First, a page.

Gondola masks

Mountain Village officials recently discussed the ongoing struggle to enforce the current federal mandate that still requires people to wear a face covering on public transportation, which includes the gondola system. (Courtesy photo)

The Town of Mountain Village, which owns and oversees the operations of the gondola system, is continuing to struggle with enforcement of the current federal mask mandate regarding public transportation. 

Officials discussed the situation during the July 15 Town Council meeting, during which town attorney Paul Wisor explained the town is receiving complaints daily about the lack of compliance of some riders. 

“There are some issues with the gondola. People are complaining about mask enforcement, and it’s become a daily issue for staff and the mayor, and a daily issue for the county having to field questions about the gondola. We’re trying to do the best we can to address the issue,” he said, adding the Centers for Disease Control and Prevention (CDC) order “provides for denial of service or removal,” but “it has always been the town’s policy since COVID began to engage in an education program rather than an enforcement program. That’s been true since day one, and it continues today.”

The town addresses complaints as quickly as possible, but since San Miguel County and the state relaxed mask mandates in late May, compliance on the gondola system has been spotty, if not downright ignored. 

“We are trying to handle the flow of complaints, but obviously we need to do more in the view of the community, and I totally understand,” Wisor said. 

Enforcement has fallen to the town’s gondola operators, which isn’t necessarily in the job description, he explained. 

“Our gondola operators are not security personnel. It’s not within their capacity, nor within our expectations, that they engage in arguing with and removing people from the gondola because they’re not complying with the CDC order,” he said. “One, it’s not practical. Two, it’s not fair to those employees. Three, it doesn’t comport with our tourist economy that we are trying to promote here.”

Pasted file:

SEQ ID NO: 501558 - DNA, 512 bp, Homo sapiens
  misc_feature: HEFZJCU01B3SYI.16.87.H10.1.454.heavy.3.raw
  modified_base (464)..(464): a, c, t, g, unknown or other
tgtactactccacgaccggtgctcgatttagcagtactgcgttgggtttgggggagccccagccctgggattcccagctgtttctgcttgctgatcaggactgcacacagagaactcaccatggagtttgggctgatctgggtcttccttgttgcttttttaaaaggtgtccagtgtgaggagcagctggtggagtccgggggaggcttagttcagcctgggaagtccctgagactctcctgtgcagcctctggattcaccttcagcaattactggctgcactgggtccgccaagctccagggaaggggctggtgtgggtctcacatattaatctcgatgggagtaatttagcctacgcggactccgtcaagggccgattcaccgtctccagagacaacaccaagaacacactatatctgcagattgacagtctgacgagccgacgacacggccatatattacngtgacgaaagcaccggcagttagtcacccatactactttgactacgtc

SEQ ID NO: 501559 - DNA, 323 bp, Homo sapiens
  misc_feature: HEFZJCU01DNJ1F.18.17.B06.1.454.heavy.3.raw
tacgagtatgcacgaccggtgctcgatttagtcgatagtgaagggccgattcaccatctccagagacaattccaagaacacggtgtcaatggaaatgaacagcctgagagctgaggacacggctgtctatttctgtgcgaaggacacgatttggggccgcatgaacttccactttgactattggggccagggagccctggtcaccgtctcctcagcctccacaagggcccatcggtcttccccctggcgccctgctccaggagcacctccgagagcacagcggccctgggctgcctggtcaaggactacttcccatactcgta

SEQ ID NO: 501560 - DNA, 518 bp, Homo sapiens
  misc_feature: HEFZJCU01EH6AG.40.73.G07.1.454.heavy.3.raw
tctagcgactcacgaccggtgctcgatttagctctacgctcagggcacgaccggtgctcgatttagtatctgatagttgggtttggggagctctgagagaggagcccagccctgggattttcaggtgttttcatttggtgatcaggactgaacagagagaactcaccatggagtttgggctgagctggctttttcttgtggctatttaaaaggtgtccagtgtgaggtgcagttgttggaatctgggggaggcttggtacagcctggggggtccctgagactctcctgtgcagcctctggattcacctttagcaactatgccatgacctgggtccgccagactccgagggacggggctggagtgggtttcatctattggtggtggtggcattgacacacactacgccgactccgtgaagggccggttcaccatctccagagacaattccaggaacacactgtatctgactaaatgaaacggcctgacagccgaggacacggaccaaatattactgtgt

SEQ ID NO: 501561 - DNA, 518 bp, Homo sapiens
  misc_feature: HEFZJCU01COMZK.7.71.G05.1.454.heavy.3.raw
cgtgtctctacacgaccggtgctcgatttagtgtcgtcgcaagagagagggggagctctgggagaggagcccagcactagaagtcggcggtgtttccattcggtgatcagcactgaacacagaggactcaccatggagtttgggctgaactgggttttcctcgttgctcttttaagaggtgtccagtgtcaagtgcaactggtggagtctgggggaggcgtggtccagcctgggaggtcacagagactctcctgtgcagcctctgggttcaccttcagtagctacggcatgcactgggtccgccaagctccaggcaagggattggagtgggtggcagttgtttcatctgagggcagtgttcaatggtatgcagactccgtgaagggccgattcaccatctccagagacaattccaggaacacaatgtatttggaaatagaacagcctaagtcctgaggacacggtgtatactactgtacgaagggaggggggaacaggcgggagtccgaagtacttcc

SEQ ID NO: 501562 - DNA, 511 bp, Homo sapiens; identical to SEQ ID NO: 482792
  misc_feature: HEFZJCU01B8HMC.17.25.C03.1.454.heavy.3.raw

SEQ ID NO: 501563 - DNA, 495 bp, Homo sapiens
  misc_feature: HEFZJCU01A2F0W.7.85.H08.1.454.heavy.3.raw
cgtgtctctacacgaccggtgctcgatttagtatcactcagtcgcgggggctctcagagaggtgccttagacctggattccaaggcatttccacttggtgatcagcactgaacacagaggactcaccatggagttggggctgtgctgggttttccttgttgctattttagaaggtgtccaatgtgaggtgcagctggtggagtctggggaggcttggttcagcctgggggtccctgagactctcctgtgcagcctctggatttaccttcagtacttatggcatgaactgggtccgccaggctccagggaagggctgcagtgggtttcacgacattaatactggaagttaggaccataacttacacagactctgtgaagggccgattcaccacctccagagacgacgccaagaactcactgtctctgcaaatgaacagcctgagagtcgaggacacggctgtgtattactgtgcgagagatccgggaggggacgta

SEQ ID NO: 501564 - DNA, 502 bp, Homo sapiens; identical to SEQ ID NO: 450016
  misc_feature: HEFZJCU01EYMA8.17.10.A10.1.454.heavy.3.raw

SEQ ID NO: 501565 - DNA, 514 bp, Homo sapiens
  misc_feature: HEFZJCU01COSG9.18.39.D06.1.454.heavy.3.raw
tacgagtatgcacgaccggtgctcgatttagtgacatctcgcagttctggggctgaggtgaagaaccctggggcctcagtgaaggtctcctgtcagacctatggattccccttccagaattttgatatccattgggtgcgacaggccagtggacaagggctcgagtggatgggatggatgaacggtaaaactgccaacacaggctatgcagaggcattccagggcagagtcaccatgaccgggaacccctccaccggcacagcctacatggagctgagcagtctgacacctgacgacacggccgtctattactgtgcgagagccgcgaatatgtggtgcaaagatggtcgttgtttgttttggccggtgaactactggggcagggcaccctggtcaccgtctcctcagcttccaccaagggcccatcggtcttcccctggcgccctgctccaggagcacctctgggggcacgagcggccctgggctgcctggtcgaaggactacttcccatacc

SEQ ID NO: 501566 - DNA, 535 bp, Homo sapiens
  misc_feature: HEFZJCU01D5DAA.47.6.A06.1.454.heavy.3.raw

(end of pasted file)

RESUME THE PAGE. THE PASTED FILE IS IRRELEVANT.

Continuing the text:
Masks are still available at all gondola stations for riders who do not have one, as the town has gone through 50,000 of them since May, and the town will continue to order them as needed. Signage explaining the federal mandate has been posted in every gondola station, as well as individual cabins, too. Plus, gondola operators aim to load passengers from separate parties, but are wearing masks, together. Mask-wearing riders who do not feel comfortable being in a cabin with someone who’s not wearing a face covering can tell an operator that they are uncomfortable and will ride in another cabin. The gondola continues to operate at 100 percent capacity.  

“Since the state lifted its mask requirements, it has proven to be more and more challenging to educate and inform riders as the summer has progressed,” Mountain Village Transportation Director Jim Loebe said in a news release Wednesday. “On behalf of the entire gondola staff and the Town, we want to thank passengers who continue to comply with this mandate.”

Wisor explained the town is going to have a “more active rider strategy,” including hiring more employees to help educate riders at the stations. The Telluride Tourism Board and county public health department plans to provide personnel in the interim. 

Signage will be changed as well to provide a more direct message that federal law requires wearing a mask for the entire ride on the gondola system. 

Mountain Village police officers will patrol the gondola stations in town more often to serve as a “bit of a deterrent,” Wisor explained, and to “relieve the obligation of the operators.” Wisor, as well as Mayor Laila Benitez, said the goal isn’t to write citations or arrest those who aren’t complying, nor has that ever been part of the town’s enforcement plan.  

“I just don’t think that picture on the front of the Daily Planet is what we’re looking for,” Wisor said. 

Though the town hasn’t collected any official data regarding riders’ mask-wearing rates, locals are more likely to wear a mask on the gondola than visitors, especially those who may only be in the area for a day or long weekend and not know the gondola system is a form of public transportation, Wisor added, but the longer people stay the more likely they are to comply. 

“Our gondola operators have had a tough year-and-a-half enforcing mask requirements, and they are doing the best that they can to ensure riders wear masks,” Mountain Village Public Information Officer Kathrine Warren said in the release. “Please comply with this rule to help keep the gondola running at full capacity and please be kind to our operators and others around you and mask up.”

The CDC mandate, which includes buses and airplanes, was issued Jan. 29 and is set to expire Sept. 13. But Wisor believes it’ll be extended, especially with recent concerns regarding the Delta variant. 

To submit any questions or comments, visit townofmountainvillage.com/contact-us.